Systematic Discrimination Against Fathers
Unbelievable Duplicity Story number 73,456,864: “International tug-of-war in custody fight”. In order to pursue her own career, this mother deliberately abducted the daughter to the USA against the wishes of the girl’s father and denied the girl a meaningful relationship with the father for some years. She arranged a fake contact visit with the father to distract him from her real plan to leave the country, then took off with the child while the father waited to see his daughter. She then failed to honour agreements concerning returning the child to NZ.
After several years during which she used US Courts to try to keep the child there, Hague Convention law eventually required her to return the child to NZ. The child still remains in the mother’s care and now the NZ Family Court will seriously consider allowing the mother to take the child away again. No doubt the fact that the child has been living in the US for so long now and is ‘settled’ there will be trotted out as it always is when mothers withhold children from fathers, against Court agreements or orders, for long enough (and the duration of Family Court processes always ensures it will be long enough). No doubt the mother’s welfare and her career development will be put forward as equating to the ‘best interests’ of the child.
Note that the newspaper article did not once use words such as ‘kidnapped’ or ‘abducted’ to describe the mother’s actions. Such words are always used when a father does anything like this. Note that no police appear to have searched for and rescued the abducted child, as would usually be the case when a father takes a child away. Note that the article’s quotations from comments by law expert Mark Henaghan suggest he is well indoctrinated into our Family Court’s favouritism towards mothers (and females generally). He makes it clear that our Family Court will think nothing bad of the mother’s actions, will not see depriving a child of a father as abusive or as having relevance to decisions about the child’s future care. He implies that the child might be ‘better off’ in the mother’s care overseas and the fact “the mother is trying to set up a life for herself” adds something to her case! In the next breath he claims the Family Court is governed by one principle: ‘what’s best for the child’. Yeah right, what a convenient smokescreen.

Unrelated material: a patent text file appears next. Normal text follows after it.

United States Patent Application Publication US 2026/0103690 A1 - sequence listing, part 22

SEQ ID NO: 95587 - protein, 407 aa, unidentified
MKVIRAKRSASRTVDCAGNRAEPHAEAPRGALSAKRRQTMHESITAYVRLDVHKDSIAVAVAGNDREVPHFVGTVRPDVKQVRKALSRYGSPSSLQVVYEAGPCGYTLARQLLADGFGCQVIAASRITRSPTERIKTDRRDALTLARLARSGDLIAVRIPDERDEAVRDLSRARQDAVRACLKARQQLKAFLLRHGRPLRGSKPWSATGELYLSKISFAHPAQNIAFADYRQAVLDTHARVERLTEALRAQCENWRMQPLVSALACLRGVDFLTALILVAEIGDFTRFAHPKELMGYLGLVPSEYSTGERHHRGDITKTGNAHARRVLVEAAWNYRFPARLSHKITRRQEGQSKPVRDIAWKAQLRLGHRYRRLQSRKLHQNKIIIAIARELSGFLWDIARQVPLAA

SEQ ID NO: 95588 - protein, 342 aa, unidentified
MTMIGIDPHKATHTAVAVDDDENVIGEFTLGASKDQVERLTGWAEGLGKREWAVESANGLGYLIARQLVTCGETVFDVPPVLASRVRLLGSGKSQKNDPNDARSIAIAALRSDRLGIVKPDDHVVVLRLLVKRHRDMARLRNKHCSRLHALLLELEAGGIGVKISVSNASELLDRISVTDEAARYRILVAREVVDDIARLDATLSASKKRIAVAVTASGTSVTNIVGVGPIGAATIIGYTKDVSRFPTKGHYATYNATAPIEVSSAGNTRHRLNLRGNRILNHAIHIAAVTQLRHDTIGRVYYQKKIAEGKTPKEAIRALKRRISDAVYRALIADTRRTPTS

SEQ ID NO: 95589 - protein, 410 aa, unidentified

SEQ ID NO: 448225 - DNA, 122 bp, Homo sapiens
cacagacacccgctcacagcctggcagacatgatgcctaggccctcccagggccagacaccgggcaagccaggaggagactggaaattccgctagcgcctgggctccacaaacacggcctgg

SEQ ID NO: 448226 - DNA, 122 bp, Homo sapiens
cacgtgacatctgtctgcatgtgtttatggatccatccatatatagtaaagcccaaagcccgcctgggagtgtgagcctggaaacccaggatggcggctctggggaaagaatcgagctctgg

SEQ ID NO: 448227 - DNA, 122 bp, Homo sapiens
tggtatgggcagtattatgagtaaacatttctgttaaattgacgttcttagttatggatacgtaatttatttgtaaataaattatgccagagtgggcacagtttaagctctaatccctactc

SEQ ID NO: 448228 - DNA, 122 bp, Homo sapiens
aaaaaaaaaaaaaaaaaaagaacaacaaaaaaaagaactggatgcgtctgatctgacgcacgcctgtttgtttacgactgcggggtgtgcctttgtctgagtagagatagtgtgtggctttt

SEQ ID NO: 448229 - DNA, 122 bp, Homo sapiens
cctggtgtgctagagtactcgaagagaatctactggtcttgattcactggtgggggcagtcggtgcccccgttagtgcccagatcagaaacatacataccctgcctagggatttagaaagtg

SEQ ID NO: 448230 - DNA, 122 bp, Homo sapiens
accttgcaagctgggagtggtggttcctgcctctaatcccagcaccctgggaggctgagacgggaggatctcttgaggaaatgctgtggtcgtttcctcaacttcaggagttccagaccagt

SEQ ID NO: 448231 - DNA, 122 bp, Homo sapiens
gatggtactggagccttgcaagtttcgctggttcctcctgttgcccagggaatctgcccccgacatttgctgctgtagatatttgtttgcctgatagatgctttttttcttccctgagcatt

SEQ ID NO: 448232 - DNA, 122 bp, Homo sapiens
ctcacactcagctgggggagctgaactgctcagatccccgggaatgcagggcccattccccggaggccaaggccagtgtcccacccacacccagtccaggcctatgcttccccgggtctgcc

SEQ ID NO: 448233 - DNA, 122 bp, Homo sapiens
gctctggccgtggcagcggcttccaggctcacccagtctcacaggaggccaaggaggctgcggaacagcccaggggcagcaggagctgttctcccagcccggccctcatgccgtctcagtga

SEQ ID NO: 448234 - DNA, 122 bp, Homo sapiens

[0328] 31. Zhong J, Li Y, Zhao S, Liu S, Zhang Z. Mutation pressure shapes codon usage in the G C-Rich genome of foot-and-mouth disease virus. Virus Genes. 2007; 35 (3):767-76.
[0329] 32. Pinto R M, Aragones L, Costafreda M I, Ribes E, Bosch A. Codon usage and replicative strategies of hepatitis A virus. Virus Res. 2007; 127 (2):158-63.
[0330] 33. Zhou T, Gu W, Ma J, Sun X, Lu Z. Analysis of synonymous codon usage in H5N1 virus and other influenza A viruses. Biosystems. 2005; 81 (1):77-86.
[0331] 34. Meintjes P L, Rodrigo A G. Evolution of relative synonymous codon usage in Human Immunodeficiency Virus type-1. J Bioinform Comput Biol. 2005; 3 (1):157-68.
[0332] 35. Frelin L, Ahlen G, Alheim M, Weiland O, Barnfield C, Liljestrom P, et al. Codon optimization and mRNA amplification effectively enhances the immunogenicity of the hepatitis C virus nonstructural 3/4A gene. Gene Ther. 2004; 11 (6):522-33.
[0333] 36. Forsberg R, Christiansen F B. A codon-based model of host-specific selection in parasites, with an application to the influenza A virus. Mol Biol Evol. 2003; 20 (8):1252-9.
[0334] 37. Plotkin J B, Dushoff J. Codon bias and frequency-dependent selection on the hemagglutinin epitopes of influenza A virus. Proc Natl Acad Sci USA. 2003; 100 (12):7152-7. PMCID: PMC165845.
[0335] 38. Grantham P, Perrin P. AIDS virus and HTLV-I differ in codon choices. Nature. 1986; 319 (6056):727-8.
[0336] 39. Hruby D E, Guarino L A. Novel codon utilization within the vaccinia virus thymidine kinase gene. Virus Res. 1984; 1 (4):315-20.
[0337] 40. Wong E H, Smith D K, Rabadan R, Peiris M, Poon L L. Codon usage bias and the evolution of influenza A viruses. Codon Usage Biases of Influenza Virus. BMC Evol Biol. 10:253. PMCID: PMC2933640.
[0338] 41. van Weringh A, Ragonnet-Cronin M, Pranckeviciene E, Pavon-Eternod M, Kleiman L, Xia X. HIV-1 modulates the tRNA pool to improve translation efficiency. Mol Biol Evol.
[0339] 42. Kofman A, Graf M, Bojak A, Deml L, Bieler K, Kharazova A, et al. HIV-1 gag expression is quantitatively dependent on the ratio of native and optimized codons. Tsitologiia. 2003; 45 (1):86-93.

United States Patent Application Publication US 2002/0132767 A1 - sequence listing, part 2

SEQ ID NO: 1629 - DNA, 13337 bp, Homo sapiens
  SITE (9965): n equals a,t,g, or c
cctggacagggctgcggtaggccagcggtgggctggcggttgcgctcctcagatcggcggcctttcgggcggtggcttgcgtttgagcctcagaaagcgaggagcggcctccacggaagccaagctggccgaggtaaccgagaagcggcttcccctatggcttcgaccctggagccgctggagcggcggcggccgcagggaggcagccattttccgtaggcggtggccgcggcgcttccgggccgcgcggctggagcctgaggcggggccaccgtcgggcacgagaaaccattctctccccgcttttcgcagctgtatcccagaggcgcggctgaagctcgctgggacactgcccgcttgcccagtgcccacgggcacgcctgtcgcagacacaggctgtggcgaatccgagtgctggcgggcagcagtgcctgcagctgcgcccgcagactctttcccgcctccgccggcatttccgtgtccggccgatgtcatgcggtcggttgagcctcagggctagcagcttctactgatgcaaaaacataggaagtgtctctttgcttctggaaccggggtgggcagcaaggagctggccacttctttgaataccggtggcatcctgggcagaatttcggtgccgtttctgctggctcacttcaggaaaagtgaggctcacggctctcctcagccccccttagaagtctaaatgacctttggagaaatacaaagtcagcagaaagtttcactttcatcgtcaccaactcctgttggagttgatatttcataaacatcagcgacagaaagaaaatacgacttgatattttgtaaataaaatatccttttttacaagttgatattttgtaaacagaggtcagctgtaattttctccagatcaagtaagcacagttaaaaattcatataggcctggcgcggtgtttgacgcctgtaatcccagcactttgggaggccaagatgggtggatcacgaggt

If a father had done exactly what this mother did the story’s headline would include words such as ‘abduction’ or ‘kidnapping’. He would have been portrayed by media and by the chosen Family Court commentator as a selfish man who was more concerned with his career and wealth than the needs and feelings of his child and the child’s mother, and his actions would have been portrayed as abusive to the child, the mother and the child’s extended family (who may well have been interviewed to emphasize how they suffered and what the child missed out on). The child would have been removed from his care either in the US or as soon as they returned to NZ. His only contact with his daughter, if any, would be supervised contact for 90 minutes per fortnight in a demeaning, abnormal situation. It would be made clear that the father’s contemptuous actions would be treated by the Family Court as strong evidence that he was not a fit and proper parent and that the child’s best interests were unlikely to be served by remaining with him. But when it’s a mother, it’s a whole different story. The story we see here.
The Family Court will carefully censor what is released to the media. Already, what the media was given appears designed to encourage public sympathy for the mother, and that will continue. Any bad stuff that comes up in the proceedings about the mother will be suppressed, but not so for the father. The father’s concerns about fairness towards him and the child’s welfare will not be allowed to reach the public, but the mother’s concerns may well get aired. If the Court’s favouritism towards the damsel becomes too obvious and difficult to hide, the judge will simply disallow any further media reporting.